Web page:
The Spanish royal family has not issued any public comments concerning the legal problems of Iñaki Urdangarin, the son-in-law to King Juan Carlos who is facing possible criminal prosecution for allegedly diverting public money from a non-profit organization to his private businesses.
Urdangarin, who is married to Princess Cristina, has been living in Washington since the undercover investigation Operation Babel broke several years ago.
According to sources, King Juan Carlos and his family are looking at ways to divest his two daughters, Cristina and her eldest sister Princess Elena, from official royal duties. They would keep their titles as princess but would not be taking part in any official ceremonies, much like the roles of the king's sisters, Pilar and Margarita.
The presence of Cristina and Elena at official functions will no longer be necessary since the line of succession has already been established through Prince Felipe and his two daughters, Leonor and Sofía.
This plan to keep the king's daughters in the background is becoming a more viable one given that the investigation into Urdangarin's companies is gaining momentum.
But following speculation about the princesses' roles, and given the number of activities Elena and Cristina have been absent from in recent years, the Zarzuela Palace on Thursday issued a statement saying that it "had nothing to do" with determining the composition of the members of the royal family.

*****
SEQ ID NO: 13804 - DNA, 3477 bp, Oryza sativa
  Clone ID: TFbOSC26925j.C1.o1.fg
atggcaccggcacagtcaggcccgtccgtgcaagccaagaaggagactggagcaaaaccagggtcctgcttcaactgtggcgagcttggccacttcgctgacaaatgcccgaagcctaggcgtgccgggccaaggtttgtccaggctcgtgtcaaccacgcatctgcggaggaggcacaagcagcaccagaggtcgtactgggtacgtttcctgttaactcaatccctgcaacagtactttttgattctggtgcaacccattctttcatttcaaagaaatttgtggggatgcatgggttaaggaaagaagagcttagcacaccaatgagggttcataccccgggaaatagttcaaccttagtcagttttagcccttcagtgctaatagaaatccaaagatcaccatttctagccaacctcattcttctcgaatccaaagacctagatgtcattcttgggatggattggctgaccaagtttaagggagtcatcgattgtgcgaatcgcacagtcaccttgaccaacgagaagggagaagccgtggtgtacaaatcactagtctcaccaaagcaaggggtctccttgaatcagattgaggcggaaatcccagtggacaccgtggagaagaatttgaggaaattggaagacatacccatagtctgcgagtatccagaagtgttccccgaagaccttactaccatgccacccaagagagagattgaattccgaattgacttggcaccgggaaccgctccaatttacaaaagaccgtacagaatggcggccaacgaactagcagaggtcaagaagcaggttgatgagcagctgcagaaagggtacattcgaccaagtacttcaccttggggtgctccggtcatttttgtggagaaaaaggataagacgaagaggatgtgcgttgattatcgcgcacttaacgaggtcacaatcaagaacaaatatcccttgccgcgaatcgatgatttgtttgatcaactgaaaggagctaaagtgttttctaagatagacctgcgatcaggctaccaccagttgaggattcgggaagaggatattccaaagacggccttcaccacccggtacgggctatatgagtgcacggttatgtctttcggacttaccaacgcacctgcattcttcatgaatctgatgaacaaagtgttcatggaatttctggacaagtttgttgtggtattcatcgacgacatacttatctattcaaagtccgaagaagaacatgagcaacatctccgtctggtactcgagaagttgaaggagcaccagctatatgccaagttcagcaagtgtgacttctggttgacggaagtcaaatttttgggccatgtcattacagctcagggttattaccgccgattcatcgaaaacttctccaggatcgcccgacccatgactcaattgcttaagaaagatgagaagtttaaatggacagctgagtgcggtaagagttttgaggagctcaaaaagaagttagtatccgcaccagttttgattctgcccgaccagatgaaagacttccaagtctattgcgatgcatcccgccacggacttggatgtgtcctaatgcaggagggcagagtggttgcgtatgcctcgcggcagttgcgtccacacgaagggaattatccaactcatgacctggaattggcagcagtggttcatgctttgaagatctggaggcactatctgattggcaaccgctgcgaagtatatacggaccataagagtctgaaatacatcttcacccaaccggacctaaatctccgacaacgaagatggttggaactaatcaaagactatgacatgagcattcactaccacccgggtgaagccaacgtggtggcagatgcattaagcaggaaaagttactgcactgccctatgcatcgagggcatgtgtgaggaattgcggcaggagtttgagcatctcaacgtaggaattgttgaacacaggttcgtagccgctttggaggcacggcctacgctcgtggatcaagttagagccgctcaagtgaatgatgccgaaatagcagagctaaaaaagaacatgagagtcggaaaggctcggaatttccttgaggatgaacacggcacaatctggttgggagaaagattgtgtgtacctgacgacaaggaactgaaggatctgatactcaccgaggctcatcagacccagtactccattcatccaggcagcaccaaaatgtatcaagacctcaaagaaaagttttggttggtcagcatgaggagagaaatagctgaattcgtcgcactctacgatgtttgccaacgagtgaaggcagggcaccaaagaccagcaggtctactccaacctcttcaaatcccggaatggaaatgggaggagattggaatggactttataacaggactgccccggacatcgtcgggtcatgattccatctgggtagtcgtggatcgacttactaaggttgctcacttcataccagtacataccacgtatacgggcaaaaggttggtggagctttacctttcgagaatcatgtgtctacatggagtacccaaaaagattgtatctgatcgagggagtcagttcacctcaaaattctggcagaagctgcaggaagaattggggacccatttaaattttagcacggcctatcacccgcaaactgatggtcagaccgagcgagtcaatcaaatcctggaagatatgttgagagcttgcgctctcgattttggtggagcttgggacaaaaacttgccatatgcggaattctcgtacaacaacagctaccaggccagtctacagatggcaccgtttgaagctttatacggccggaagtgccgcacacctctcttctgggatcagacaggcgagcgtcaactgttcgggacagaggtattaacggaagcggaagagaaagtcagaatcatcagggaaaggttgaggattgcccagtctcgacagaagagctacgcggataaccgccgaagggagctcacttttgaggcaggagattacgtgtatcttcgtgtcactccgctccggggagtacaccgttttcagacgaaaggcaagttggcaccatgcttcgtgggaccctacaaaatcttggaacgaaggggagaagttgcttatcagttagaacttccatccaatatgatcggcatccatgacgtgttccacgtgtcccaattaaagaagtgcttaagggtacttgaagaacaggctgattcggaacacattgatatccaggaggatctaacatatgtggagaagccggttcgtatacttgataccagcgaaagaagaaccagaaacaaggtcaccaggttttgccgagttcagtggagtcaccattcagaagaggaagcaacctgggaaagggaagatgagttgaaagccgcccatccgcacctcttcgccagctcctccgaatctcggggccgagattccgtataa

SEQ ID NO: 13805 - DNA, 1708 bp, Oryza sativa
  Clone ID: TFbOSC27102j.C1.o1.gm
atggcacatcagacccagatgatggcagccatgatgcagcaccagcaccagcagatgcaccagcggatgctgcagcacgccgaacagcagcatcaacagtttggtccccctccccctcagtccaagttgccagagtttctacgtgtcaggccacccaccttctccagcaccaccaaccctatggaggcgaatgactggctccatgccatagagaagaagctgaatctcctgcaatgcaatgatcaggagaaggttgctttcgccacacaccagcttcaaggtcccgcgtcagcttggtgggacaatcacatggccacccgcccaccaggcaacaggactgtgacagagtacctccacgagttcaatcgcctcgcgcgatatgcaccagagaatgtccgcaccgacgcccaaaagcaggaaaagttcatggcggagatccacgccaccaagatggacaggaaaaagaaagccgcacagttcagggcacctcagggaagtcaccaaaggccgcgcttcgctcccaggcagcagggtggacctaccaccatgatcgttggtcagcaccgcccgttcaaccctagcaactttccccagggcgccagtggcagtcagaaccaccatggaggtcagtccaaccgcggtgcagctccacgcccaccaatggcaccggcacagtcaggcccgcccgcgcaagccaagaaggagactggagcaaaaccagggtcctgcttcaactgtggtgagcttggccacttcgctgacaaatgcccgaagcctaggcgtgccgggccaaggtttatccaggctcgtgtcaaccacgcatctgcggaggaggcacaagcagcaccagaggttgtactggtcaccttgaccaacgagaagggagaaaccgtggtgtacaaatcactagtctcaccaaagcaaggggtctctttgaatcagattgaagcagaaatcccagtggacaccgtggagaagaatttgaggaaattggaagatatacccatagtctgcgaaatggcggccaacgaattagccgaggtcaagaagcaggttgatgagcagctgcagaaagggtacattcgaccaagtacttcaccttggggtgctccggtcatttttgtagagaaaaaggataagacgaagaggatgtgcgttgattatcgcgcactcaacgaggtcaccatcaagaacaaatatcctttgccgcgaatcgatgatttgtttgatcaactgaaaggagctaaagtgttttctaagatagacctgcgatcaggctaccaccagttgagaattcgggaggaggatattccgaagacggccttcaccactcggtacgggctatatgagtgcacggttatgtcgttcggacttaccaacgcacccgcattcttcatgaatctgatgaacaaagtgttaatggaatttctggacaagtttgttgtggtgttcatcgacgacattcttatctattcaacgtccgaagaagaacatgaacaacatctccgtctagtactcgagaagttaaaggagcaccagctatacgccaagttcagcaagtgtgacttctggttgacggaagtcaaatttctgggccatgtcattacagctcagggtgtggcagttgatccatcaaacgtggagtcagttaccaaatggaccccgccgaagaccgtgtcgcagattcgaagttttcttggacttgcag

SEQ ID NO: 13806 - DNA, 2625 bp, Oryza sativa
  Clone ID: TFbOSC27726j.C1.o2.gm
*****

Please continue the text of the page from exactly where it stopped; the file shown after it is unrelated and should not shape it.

According to prosecutors and tax officials, Urdangarin's non-profit Institute Nóos won some six million euros in public contracts from the regional governments of the Balearic Islands and Valencia to organize sports and tourism events between 2004 and 2006. Investigators say the events that Nóos organized were overpriced, and believe that a lot of the money was diverted to Urdangarin's private companies. Sources have told EL PAÍS that the royal son-in-law is expected to be indicted within the coming weeks.
Even though the royal family has not commented on the inquiry, there have been some signs of support for Urdangarin. Last week, Queen Sofía traveled to Washington and allowed a photographer from the popular weekly magazine ¡Hola! to take some snaps of her, Urdangarin and Cristina emerging from their home in the US capital.
The report, along with the photographs, which appeared in this week's issue, were approved by the queen, the magazine said.
Many interpret it as a sign of support for her son-in-law because during past visits the royal family's security detail has prevented journalists from photographing the queen and her family, because the Washington visits were private.
The queen was in New York to attend the annual banquet held at the Queen Sofía Spanish Institute. She then went to Washington on November 30 to stay with her daughter, son-in-law, and her four grandchildren. On past visits the queen has stayed at a hotel. Seen with the royal family going to restaurants and enjoying other activities was Alexia of Greece, the daughter of Sofía's brother Constantine.
King Juan Carlos, however, has kept his distance from his son-in-law. He and Felipe met with Urdangarin privately early last month to analyze his legal situation. If tradition is observed, Princess Cristina and her husband will spend Christmas Eve at the Zarzuela royal palace with the rest of the family.